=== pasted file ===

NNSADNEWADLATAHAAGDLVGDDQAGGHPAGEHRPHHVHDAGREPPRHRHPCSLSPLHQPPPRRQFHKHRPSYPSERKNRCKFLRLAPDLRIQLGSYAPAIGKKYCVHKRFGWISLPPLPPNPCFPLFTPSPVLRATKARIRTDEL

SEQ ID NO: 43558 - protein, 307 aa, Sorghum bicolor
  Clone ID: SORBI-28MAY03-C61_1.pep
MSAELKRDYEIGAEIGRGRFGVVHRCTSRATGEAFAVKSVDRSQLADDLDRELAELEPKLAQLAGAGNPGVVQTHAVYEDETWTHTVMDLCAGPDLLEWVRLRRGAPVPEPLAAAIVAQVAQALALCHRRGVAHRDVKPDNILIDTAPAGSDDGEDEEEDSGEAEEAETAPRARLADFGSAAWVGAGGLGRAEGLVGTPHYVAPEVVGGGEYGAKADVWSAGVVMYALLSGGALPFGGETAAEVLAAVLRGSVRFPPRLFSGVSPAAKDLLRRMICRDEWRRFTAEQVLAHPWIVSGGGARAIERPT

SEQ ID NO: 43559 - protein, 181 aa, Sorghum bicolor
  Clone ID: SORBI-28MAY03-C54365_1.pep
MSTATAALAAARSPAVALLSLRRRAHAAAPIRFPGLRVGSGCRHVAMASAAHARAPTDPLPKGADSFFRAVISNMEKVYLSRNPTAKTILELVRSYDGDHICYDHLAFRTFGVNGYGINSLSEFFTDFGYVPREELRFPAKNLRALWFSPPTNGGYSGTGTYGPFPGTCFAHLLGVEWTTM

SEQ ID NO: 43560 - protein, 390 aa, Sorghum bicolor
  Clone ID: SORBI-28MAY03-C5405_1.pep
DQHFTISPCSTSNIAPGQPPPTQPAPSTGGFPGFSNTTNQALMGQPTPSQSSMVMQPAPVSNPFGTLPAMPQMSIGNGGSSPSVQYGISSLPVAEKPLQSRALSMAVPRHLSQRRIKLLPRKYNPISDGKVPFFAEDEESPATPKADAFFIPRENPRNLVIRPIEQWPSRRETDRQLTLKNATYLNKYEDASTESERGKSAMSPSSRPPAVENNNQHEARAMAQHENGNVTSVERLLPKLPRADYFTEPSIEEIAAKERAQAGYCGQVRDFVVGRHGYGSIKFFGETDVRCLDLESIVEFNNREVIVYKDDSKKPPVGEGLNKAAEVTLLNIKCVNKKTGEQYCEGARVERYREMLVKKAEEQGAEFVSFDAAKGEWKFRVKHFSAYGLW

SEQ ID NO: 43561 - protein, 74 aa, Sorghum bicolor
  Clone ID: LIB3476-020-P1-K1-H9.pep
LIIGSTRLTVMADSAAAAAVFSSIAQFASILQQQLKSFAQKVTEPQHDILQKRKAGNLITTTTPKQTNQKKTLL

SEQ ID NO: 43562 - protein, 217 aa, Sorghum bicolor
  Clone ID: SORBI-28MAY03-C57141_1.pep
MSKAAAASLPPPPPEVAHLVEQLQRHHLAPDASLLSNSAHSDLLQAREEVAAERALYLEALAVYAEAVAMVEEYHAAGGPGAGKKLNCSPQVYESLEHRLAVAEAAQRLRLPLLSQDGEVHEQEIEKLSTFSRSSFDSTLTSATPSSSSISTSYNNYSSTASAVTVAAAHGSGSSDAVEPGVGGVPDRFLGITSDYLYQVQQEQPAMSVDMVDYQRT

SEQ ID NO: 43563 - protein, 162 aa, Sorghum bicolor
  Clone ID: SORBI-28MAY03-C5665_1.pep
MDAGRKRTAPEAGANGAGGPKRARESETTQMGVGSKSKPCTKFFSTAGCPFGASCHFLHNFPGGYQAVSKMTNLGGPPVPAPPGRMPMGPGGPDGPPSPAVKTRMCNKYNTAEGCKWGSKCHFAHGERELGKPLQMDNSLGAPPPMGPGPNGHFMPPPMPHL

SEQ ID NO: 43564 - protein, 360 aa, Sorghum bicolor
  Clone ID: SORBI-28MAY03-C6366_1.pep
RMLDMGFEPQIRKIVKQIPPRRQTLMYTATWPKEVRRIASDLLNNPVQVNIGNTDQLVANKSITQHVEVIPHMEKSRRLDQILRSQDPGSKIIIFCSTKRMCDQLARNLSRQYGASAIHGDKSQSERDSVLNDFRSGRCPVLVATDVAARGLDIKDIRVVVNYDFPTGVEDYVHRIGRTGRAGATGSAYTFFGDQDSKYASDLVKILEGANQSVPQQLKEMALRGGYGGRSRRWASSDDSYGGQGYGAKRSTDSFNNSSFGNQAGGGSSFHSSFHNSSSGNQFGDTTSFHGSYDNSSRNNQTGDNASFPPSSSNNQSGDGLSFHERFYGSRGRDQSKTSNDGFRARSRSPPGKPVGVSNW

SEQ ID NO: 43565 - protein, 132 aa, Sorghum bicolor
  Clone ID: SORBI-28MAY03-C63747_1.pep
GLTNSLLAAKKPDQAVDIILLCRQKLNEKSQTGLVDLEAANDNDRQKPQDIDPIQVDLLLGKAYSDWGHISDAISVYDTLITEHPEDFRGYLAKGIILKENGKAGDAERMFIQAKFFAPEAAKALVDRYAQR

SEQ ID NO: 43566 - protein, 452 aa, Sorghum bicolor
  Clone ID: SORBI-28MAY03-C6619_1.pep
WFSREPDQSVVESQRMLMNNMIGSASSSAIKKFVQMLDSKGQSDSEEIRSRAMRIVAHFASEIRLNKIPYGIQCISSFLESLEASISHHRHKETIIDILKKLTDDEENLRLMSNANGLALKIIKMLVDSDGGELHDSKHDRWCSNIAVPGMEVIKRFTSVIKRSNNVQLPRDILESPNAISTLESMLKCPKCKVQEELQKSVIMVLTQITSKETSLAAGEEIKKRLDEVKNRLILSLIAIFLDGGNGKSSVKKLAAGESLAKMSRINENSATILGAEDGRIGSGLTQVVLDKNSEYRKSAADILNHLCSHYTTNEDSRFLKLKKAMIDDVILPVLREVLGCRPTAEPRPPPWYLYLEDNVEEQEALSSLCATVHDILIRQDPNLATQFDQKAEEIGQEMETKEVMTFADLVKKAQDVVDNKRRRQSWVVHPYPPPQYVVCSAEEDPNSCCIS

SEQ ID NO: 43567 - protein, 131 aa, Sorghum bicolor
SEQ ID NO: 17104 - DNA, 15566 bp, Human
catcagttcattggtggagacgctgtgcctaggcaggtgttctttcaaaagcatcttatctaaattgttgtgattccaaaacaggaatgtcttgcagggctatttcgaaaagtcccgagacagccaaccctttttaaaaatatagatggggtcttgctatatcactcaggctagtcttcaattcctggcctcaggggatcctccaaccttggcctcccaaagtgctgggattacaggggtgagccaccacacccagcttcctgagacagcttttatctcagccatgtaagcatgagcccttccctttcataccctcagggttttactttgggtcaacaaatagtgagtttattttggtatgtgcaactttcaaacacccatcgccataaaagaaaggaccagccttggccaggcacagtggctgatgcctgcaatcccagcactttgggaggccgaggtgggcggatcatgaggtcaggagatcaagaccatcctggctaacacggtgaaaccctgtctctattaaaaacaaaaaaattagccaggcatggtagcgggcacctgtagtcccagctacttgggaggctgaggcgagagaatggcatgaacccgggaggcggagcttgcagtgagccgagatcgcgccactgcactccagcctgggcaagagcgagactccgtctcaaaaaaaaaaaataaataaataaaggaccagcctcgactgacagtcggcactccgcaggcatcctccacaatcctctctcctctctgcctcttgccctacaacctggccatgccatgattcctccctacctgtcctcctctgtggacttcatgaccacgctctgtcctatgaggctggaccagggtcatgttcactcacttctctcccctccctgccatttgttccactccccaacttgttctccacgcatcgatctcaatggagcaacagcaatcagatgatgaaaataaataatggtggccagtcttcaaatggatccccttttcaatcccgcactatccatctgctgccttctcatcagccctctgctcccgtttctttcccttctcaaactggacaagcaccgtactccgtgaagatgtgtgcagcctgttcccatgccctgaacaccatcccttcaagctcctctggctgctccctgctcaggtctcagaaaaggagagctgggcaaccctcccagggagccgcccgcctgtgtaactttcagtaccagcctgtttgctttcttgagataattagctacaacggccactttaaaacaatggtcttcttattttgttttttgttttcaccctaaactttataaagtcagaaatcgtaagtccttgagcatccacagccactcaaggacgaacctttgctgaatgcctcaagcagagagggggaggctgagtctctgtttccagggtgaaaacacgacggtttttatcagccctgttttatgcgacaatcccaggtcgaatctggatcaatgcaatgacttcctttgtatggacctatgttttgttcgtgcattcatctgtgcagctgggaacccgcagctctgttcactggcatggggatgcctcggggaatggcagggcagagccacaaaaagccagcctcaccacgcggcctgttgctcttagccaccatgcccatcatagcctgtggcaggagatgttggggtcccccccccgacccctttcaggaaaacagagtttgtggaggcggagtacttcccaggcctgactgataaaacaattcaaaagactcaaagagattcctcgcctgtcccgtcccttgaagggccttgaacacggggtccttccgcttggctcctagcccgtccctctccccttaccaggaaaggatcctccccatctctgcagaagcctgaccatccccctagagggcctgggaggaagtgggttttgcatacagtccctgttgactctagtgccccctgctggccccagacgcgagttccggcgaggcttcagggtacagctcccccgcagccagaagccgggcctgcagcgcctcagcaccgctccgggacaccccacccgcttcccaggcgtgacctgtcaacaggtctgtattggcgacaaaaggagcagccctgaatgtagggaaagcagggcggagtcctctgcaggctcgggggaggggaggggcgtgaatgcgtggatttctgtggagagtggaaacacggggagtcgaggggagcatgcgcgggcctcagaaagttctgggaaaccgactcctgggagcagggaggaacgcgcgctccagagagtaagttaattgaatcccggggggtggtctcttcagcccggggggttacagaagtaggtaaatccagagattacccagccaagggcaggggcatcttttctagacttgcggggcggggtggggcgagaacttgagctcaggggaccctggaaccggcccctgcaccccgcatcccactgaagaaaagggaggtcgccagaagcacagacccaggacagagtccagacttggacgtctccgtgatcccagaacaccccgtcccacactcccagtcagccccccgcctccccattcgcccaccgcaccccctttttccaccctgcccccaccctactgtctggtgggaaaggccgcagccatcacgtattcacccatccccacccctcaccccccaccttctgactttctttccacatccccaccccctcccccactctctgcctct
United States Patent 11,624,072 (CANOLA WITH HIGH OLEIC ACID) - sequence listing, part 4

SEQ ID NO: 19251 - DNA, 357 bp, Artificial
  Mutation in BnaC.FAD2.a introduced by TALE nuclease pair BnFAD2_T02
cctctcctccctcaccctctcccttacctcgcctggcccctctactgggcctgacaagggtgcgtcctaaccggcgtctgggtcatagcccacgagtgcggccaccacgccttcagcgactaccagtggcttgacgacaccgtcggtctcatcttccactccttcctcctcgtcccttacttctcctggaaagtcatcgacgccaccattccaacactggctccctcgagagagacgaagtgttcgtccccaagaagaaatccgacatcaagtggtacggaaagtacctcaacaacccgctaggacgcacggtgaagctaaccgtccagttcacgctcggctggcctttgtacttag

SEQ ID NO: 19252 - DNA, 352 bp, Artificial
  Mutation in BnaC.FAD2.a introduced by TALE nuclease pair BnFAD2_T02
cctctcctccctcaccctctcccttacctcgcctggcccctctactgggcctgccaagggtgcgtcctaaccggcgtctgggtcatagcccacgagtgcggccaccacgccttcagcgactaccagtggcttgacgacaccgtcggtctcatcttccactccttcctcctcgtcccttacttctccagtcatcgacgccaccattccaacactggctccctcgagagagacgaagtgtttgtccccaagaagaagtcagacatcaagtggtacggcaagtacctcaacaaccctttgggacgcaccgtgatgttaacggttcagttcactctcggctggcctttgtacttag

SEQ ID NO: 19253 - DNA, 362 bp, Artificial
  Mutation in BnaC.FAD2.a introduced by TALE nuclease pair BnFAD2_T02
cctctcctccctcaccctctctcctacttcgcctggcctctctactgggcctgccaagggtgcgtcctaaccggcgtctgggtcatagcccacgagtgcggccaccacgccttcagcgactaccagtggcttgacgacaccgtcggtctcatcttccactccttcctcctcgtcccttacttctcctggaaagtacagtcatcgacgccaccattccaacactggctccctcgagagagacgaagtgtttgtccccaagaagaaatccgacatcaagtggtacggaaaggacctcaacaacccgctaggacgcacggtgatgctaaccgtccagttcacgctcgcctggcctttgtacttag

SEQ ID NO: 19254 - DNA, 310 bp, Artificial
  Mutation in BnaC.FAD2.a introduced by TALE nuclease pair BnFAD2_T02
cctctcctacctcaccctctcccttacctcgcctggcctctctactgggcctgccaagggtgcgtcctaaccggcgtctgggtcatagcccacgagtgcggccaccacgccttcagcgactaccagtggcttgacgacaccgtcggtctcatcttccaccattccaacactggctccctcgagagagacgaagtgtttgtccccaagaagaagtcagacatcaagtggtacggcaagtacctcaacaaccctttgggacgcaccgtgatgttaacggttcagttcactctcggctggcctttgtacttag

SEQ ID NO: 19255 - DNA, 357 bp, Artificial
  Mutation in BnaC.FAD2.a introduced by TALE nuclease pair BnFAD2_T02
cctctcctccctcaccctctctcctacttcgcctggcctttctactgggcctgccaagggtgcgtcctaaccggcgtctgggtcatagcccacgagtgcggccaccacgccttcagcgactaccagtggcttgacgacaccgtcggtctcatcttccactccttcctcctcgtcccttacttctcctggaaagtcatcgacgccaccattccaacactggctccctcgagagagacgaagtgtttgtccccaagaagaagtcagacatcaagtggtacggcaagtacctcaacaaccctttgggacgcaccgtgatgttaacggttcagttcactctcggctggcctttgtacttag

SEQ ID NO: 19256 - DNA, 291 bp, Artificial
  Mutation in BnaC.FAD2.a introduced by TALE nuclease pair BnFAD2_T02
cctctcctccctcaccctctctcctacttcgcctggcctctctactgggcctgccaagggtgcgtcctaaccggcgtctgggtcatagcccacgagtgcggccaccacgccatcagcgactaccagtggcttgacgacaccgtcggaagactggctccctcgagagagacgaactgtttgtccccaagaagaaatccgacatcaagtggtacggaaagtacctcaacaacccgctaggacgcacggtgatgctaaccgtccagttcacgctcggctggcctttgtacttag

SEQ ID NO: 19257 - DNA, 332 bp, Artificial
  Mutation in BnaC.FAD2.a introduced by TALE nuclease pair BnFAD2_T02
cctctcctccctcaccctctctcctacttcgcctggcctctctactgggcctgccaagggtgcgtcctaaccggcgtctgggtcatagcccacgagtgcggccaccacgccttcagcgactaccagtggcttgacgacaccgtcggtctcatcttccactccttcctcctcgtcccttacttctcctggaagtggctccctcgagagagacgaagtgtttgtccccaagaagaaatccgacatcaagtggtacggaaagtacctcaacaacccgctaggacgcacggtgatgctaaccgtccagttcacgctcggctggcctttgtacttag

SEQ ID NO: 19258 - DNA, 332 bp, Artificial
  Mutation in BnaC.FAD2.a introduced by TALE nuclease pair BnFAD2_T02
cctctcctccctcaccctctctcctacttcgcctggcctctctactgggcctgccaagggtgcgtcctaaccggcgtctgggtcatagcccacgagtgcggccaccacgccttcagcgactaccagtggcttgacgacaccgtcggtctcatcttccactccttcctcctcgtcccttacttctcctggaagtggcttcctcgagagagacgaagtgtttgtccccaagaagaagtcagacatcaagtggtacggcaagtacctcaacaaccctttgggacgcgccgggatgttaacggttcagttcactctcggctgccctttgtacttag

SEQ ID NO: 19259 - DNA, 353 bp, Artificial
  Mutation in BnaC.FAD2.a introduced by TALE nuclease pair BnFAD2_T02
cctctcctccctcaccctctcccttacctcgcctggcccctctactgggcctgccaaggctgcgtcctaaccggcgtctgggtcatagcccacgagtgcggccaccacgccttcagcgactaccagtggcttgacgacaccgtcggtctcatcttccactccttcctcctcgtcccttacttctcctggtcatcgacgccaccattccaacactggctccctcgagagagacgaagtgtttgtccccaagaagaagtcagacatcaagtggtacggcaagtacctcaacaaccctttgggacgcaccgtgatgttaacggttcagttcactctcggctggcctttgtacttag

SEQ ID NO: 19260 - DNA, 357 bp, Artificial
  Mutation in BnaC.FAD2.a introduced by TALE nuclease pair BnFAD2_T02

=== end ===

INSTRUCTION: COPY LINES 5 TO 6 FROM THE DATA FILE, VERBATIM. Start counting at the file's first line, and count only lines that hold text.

SEQ ID NO: 43559 - protein, 181 aa, Sorghum bicolor
  Clone ID: SORBI-28MAY03-C54365_1.pep